Humane Police Officer Ame Kessler holds two albino Burmese pythons she rescued from a shed in Lower Windsor Township.
Humane Police Officer Ame Kessler holds two albino Burmese pythons she rescued from a shed in Lower Windsor Township. (John A. Pavoncello photo)

Two albino Burmese pythons survived two months of being kept inside a filthy a 20-gallon aquarium in a Lower Windsor Township shed with no food, no heat and no light, according to the rescuer who is nursing them back to health.

"They were living in filth," said Ame Kessler, a Humane Society police officer who runs Aglyphic Creatures Rescue.

Their former owner, Rodney W. Steely, is facing four summary citations of animal cruelty.

"He left them there to die, as far as I'm concerned," Kessler said. "He didn't ask anyone to care for them or feed them. He just abandoned them."

The 14-foot female and 9-foot male are thin and covered in blood-sucking mites, she said.

The female is suffering from scale rot, mouth rot and abrasions on her nose and face from rubbing them raw against an aquarium screen.

"It's not pretty," Kessler said.

Tipster: She said she received an anonymous tip on Aug. 8 that the snakes were abandoned in a shed and needed help. The shed is at the home of Steely's grandmother on Gilbert Lane.

At that point, both snakes were crammed inside one 20-gallon tank, Kessler said.

Kessler left a list for Steely of what needed to be done to properly care for the snakes, and a family member reported he gave that list to Steely, Kessler said.

But Steely didn't call her and never took action to improve the lives of the snakes, she said, although a family member obtained a second 20-gallon aquarium and separated the reptiles.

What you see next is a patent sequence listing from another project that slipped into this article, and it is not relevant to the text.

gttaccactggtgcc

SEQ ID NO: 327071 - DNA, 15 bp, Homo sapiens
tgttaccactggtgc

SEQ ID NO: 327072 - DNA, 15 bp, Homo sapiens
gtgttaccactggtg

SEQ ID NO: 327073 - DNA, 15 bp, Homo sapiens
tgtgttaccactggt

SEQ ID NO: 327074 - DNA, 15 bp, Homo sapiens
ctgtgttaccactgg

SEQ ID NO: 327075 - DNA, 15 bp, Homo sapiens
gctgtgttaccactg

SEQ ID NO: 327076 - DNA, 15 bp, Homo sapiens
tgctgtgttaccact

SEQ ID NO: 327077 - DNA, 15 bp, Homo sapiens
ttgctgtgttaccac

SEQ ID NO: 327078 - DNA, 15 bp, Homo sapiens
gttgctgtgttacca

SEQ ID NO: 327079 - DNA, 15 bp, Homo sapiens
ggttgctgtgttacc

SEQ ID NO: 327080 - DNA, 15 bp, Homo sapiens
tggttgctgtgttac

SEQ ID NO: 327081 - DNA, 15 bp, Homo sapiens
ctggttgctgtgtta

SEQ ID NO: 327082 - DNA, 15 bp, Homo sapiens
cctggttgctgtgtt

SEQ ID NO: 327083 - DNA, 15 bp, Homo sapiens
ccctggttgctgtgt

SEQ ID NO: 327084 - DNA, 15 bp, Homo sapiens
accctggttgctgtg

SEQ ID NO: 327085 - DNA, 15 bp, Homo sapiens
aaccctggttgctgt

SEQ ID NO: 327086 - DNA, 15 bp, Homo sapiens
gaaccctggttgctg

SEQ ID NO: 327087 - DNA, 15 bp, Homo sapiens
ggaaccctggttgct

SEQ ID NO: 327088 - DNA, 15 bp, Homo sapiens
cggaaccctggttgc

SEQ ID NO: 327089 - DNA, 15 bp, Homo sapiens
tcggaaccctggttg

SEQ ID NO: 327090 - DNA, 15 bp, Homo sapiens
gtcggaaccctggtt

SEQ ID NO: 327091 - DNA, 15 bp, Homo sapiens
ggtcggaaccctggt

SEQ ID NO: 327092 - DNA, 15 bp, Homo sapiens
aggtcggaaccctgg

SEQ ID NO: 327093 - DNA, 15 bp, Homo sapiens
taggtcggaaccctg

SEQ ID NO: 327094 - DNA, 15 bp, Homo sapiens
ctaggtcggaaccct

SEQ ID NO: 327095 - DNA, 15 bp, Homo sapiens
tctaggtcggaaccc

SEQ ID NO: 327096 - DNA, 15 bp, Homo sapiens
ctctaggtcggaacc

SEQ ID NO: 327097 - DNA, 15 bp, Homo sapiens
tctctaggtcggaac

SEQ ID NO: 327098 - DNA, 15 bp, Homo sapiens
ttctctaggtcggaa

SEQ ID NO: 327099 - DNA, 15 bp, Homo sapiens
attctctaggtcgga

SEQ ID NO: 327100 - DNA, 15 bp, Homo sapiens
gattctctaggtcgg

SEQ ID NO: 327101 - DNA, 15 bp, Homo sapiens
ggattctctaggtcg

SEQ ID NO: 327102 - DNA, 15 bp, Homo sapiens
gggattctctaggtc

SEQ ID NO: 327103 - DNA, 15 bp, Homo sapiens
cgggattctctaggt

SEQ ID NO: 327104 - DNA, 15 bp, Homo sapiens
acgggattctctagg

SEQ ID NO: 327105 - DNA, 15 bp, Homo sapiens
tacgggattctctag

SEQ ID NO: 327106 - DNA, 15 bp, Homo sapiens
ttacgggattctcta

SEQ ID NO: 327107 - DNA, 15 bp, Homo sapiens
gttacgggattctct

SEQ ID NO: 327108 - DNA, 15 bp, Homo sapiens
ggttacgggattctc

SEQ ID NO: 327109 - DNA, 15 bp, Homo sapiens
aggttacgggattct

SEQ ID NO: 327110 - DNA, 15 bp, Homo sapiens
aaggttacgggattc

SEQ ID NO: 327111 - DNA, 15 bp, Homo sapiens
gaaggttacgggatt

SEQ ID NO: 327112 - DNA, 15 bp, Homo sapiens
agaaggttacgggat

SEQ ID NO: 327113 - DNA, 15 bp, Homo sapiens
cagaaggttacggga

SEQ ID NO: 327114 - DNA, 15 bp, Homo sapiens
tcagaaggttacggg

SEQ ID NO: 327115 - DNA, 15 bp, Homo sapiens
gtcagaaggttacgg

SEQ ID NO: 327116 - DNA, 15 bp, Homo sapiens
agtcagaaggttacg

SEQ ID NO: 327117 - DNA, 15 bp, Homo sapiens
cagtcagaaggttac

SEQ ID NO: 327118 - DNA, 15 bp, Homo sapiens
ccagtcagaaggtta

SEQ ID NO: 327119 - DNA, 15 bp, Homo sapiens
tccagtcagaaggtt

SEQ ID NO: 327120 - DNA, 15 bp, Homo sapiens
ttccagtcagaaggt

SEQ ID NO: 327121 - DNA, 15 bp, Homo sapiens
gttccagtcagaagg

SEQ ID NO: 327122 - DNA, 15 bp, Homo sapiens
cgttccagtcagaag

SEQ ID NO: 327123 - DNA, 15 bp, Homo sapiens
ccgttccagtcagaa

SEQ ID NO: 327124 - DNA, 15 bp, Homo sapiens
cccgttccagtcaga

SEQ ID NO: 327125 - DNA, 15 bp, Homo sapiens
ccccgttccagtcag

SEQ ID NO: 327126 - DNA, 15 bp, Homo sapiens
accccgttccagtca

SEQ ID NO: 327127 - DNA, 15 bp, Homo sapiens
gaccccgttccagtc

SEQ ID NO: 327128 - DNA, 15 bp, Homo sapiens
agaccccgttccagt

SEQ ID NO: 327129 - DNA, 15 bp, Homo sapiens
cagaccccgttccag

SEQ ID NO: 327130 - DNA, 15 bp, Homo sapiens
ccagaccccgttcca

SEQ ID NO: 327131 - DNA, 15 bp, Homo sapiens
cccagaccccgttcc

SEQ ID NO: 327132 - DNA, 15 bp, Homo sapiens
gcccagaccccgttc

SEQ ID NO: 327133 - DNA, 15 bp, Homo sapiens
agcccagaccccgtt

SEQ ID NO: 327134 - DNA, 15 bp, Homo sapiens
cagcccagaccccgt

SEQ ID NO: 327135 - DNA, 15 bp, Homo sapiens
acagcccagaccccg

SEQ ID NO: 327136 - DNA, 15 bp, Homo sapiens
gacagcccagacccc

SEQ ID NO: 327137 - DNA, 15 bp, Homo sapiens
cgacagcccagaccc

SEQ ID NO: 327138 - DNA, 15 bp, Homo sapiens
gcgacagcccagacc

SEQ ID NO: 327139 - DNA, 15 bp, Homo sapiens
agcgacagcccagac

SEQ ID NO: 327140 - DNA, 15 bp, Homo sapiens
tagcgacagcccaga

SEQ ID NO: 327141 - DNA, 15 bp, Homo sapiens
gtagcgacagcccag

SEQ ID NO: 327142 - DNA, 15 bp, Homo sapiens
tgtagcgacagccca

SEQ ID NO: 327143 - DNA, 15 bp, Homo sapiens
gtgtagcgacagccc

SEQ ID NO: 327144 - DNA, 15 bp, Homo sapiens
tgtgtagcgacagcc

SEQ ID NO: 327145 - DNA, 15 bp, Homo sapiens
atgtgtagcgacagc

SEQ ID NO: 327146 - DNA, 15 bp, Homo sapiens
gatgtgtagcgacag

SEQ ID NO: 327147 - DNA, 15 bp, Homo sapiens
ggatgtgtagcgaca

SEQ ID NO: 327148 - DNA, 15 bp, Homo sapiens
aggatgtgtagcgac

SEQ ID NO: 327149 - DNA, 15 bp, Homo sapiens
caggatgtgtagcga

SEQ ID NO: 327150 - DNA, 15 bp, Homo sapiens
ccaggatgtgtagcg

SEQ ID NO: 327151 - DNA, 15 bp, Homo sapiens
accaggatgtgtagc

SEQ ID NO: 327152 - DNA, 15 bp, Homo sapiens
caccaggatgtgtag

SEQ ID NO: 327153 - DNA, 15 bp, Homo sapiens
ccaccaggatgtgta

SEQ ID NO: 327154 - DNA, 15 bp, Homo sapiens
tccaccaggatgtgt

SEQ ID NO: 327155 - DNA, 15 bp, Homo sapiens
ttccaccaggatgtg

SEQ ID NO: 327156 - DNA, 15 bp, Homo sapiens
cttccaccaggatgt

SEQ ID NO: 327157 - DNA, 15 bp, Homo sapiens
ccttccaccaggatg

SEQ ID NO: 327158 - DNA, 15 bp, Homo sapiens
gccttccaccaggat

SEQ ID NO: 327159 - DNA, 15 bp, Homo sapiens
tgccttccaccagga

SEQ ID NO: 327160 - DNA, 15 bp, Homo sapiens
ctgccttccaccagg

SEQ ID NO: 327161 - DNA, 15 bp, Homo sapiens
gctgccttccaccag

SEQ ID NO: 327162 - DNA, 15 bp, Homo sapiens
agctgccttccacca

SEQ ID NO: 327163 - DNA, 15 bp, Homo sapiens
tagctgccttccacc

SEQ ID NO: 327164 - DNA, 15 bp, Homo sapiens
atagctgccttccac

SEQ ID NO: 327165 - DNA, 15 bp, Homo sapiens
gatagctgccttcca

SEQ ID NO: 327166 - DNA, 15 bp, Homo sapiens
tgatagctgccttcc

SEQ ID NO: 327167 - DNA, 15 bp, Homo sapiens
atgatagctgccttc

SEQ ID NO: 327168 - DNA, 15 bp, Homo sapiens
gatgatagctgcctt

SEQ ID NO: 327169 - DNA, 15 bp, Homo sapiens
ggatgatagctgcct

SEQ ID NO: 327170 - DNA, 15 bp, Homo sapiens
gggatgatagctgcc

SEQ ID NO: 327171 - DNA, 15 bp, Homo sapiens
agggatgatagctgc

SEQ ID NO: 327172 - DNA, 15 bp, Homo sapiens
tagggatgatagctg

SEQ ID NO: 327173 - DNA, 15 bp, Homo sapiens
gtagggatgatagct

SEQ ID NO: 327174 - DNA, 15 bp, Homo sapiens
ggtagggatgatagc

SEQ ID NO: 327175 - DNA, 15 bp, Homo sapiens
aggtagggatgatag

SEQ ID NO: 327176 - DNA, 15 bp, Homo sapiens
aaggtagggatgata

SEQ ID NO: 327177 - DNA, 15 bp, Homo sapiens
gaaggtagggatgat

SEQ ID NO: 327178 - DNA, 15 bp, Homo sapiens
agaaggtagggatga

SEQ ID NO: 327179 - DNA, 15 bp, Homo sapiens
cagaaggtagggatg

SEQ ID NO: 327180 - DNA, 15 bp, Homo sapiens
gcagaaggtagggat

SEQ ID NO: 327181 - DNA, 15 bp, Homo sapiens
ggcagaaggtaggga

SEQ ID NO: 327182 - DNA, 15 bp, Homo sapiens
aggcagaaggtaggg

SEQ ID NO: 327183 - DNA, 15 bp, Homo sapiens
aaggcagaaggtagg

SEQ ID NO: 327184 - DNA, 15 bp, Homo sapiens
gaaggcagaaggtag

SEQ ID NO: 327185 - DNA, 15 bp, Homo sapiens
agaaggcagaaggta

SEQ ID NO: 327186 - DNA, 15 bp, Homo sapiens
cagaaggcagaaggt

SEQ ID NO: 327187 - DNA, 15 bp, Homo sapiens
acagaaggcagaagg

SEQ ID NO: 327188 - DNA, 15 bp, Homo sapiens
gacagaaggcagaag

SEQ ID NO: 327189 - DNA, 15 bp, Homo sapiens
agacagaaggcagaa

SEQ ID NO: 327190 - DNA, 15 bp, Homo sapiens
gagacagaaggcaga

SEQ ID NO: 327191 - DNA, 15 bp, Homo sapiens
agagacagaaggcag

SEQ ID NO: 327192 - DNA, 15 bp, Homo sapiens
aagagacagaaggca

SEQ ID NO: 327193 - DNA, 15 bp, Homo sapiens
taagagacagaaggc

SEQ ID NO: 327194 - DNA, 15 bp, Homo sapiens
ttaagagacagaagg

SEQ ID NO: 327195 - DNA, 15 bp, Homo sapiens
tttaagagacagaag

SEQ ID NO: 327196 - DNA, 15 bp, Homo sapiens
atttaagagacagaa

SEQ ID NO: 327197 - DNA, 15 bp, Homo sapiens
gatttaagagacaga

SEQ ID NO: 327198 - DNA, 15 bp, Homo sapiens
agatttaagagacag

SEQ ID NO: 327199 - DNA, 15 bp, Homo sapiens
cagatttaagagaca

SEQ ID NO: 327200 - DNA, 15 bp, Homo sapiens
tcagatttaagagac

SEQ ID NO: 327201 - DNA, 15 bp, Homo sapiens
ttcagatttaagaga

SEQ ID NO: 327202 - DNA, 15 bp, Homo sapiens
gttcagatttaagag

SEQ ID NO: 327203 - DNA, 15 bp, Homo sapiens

During this time period, there were several

nights when temperatures got down to the 50s. Burmese pythons are indigenous to Southeast Asia and can't handle cool temperatures, Kessler said.

'He did nothing': "I gave him plenty of opportunity. He did nothing," she said of Steely. "The animals needed to be removed."

Because they'd been abandoned on the grandmother's property, she was able to sign over ownership of them, according to Kessler, who took the snakes on Tuesday.

They remain in quarantine for now, she said.

"They are underweight," Kessler said. "The female weighs about 40 pounds. She should be twice the (girth) of what she is and probably weigh 60 or 70 pounds."

But Kessler predicts the snakes will fully recover and said they will be available for adoption.

"Trying to find a home for a 14-foot albino Burmese python is not an easy task," she said. "Both have nice temperaments. ... They're beautiful snakes."

$3K fine? Kessler said she's asking that Steely receive the maximum fine of $3,000 -- $750 for each citation.

She's also asking District Judge John H. Fishel to prohibit Steely from owing pets in the future and order him to reimburse her for care costs.

She filed Steely's citations Thursday. Two are for abandoning the snakes and two are for other cruelty infractions, she said, including lack of food and water, unsanitary conditions and lack of veterinary care.

Steely, 29, did not return a phone message seeking comment.

Wanted man: York County court records reveal Steely has a warrant for his arrest on a pending DUI case.

A bench warrant was issued for him July 26 after he failed to appear for his formal court arraignment, records state.

He sometimes stays at his grandmother's home and is known to frequent West York and York City's Fireside neighborhood, Kessler said.

Anyone with information on Steely's whereabouts can call 911.

-- Staff writer Liz Evans Scolforo can also be reached at